In 1925, the strongest tornado ever measured on earth raged inMissouri, Illinois and Indiana (USA) at a speed of approximately500 km/h. Such a tornado may easily destroy anything within itsreach, tearing apart factories, lifting whole trains or devastatingwhole residential areas. A storm of a bigger magnitude is beyondhuman imagination. Nevertheless, they do exist and only recently agroup of Dutch and American astronomers observed such a case on anexoplanet with the help of the European VLT in Chile.
As published in the Science magazine ´Nature´, they managed todetect a storm of at least 7.000 km/h on the exoplanet HD209458bwhich is approximately 150 light years away from earth. By contrastto a tornado which only refers to a local phenomenon, the observedlongitudinal winds entailed the whole planet. Despite its scale,this storm was born throughout the same basic process that wind iscreated on earth, namely through temperature differences. Thesewere, however, more extreme on HD209458b because of its significantcharacteristics.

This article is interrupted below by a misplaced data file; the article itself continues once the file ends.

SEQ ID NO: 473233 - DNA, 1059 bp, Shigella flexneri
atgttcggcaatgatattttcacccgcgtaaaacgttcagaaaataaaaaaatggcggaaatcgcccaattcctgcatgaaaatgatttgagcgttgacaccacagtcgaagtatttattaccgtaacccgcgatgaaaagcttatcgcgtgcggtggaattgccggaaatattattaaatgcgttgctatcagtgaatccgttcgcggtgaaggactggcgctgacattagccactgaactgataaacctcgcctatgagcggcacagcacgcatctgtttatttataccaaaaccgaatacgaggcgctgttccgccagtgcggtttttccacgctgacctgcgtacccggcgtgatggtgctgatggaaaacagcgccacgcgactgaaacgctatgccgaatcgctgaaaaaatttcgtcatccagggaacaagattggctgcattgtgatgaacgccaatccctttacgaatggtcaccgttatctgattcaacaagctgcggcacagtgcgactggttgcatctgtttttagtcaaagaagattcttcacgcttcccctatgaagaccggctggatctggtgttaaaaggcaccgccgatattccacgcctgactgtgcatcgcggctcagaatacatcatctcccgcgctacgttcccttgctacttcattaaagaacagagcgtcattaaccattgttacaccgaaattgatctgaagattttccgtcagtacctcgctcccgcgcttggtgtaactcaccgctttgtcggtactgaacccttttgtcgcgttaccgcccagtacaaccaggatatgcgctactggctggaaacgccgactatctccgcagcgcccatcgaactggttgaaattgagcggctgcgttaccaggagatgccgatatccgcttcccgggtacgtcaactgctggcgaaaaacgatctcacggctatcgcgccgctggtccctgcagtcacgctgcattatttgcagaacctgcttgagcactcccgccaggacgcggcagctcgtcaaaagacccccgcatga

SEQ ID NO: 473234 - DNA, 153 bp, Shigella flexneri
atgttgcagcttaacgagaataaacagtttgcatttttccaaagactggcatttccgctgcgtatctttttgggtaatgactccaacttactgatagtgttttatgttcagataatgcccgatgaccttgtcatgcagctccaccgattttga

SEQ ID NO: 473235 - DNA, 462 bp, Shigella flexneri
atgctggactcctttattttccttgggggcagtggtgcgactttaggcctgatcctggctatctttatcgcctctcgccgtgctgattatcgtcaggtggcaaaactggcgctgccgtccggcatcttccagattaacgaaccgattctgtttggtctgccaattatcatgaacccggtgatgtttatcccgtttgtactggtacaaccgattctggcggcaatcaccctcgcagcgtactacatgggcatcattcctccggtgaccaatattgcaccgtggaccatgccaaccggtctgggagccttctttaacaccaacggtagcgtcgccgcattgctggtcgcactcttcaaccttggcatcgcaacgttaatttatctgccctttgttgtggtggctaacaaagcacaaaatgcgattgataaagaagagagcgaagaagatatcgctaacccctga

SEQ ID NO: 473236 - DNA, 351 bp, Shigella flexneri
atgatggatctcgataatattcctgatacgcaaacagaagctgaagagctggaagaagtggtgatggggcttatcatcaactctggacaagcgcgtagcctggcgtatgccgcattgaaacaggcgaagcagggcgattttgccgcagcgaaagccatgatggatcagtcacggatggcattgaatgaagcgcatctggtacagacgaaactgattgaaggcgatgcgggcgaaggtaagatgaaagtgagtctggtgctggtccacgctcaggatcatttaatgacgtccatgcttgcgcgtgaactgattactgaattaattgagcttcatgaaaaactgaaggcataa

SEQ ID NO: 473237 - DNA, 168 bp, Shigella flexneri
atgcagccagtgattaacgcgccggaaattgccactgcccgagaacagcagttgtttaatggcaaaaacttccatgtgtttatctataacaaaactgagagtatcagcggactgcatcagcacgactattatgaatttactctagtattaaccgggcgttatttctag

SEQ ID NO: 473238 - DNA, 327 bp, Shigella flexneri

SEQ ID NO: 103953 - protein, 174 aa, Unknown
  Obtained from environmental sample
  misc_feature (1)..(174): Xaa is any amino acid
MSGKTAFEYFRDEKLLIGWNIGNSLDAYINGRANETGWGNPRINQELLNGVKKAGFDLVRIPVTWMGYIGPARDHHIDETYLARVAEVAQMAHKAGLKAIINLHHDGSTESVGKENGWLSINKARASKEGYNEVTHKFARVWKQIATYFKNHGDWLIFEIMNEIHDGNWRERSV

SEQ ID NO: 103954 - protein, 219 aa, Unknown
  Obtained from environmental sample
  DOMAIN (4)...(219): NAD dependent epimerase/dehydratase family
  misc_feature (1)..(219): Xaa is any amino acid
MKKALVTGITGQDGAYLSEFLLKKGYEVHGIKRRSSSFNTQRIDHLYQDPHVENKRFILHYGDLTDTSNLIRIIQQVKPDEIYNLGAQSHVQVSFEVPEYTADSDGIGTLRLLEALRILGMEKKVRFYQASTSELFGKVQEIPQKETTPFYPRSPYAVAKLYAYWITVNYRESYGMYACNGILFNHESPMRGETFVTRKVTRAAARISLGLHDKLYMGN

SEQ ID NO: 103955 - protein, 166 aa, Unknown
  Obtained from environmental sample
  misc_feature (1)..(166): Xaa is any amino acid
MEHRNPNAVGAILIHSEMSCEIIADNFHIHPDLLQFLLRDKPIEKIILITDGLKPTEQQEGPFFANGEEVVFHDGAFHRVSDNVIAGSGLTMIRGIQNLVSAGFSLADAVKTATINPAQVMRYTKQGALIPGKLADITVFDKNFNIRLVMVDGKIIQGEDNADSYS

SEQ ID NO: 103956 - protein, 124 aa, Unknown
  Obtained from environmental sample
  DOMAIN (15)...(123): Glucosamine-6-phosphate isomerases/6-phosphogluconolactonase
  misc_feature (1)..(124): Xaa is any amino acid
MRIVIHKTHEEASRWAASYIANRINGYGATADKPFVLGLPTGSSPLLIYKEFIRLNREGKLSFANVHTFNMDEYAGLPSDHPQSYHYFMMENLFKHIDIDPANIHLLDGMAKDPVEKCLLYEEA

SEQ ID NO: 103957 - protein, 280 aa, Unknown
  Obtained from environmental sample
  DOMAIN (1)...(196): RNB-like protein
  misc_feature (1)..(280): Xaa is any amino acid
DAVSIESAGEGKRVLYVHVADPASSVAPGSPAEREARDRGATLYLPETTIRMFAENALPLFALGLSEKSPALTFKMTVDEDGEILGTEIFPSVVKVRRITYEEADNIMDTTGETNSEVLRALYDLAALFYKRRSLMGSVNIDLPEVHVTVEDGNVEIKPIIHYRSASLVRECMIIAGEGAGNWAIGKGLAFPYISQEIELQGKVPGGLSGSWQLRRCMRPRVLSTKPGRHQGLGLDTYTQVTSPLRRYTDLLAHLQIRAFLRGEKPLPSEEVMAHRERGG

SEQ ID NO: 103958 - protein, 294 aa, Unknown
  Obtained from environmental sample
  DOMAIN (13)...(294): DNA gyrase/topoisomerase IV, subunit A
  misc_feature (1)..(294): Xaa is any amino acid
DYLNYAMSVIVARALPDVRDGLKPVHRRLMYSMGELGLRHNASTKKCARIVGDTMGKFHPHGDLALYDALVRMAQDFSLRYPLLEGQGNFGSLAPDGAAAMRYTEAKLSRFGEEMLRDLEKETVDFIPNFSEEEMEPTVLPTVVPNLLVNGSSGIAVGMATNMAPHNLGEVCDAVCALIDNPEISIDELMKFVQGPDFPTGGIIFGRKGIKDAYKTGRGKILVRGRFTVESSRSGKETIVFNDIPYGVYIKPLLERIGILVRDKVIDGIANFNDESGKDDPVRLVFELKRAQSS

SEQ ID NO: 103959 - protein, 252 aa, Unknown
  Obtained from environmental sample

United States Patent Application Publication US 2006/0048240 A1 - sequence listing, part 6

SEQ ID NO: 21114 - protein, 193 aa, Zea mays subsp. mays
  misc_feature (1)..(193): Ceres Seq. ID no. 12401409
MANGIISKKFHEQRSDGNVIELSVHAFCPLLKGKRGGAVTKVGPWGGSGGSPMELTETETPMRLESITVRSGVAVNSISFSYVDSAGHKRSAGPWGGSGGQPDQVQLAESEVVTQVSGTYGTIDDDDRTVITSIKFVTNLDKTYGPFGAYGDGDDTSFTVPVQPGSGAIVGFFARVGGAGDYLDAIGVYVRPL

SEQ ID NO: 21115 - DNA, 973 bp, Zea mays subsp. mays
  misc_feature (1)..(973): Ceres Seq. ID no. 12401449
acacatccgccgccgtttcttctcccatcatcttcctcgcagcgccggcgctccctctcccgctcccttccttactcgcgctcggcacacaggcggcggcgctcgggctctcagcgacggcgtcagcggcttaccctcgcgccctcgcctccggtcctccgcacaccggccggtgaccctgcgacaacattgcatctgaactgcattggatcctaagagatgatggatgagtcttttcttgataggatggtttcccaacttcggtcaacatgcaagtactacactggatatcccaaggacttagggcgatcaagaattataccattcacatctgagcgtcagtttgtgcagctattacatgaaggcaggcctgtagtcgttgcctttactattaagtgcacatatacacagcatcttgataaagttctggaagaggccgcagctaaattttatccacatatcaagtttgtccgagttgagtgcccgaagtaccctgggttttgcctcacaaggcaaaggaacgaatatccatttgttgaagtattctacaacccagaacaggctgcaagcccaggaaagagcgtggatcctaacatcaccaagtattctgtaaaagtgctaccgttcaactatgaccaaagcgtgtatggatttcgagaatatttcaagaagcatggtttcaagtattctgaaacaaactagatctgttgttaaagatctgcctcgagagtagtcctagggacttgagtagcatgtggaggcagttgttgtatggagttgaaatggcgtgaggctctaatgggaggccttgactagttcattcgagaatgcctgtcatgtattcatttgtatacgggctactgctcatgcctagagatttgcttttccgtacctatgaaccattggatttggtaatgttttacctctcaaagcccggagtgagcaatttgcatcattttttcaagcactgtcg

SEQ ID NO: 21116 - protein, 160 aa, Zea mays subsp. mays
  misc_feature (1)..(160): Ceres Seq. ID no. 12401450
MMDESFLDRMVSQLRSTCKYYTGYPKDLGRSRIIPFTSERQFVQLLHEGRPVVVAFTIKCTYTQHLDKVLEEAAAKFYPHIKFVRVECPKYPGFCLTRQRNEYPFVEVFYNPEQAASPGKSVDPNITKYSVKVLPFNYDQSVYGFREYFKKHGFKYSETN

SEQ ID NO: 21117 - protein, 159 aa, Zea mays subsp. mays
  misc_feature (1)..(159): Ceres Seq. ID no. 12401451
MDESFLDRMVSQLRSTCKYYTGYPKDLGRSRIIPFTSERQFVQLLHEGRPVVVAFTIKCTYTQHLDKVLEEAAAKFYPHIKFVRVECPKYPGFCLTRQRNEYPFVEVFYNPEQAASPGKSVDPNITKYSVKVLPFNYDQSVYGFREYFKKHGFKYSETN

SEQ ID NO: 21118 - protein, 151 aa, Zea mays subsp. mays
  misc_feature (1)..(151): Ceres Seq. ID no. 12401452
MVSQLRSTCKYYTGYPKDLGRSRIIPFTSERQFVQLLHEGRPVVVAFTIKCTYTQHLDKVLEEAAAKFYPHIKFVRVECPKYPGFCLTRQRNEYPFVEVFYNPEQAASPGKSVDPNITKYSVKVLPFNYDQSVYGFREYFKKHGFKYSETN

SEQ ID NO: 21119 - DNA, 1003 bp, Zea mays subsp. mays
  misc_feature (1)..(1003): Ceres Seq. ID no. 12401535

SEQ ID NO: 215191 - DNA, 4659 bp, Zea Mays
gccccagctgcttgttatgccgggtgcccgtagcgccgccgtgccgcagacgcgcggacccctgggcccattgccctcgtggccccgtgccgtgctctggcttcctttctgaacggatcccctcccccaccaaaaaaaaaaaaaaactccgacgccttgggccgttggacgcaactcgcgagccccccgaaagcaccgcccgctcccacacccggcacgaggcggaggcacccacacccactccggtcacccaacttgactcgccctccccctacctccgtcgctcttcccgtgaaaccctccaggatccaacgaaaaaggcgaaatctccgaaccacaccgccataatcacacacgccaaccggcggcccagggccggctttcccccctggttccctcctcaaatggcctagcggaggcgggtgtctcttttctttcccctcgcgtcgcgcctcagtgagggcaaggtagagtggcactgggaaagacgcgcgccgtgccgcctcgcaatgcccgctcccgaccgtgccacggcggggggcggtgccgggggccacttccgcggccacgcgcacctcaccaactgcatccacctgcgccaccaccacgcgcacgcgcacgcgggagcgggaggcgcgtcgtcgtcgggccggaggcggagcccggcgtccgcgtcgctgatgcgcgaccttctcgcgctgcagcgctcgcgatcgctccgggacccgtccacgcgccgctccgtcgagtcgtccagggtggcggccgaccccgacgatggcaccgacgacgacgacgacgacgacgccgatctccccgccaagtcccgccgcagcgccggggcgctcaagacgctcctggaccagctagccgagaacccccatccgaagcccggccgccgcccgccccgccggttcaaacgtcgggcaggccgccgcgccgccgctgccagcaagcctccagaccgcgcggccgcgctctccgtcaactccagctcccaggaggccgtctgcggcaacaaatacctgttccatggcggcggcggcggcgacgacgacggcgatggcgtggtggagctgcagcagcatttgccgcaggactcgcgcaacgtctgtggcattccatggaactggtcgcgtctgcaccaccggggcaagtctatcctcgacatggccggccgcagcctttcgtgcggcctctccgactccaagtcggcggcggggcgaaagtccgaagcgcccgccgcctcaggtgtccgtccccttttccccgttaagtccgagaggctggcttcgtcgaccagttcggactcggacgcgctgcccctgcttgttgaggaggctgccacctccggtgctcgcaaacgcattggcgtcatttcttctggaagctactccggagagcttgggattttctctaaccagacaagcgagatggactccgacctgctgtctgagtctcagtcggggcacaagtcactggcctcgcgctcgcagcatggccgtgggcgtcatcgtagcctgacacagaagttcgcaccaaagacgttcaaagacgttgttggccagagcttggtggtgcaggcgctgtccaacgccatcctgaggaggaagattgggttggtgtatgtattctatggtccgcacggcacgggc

Just as earth and moon, HD209458b is tidally locked to its hoststar exposing one side continuously to stellar light. According toNature “the planet has a hot dayside, heavily irradiated by stellarlight, and a cooler nightside, which is never directly lit by thestar”.
Since the distance between the exoplanet and its star is only1/20 of the distance between earth and sun, it is evident that thedaylight side is constantly heated up creating temperatures of morethan 1.000ºC on its surface. These extreme conditions lead tostorms that are at least 14 times as strong as anything everobserved on earth.
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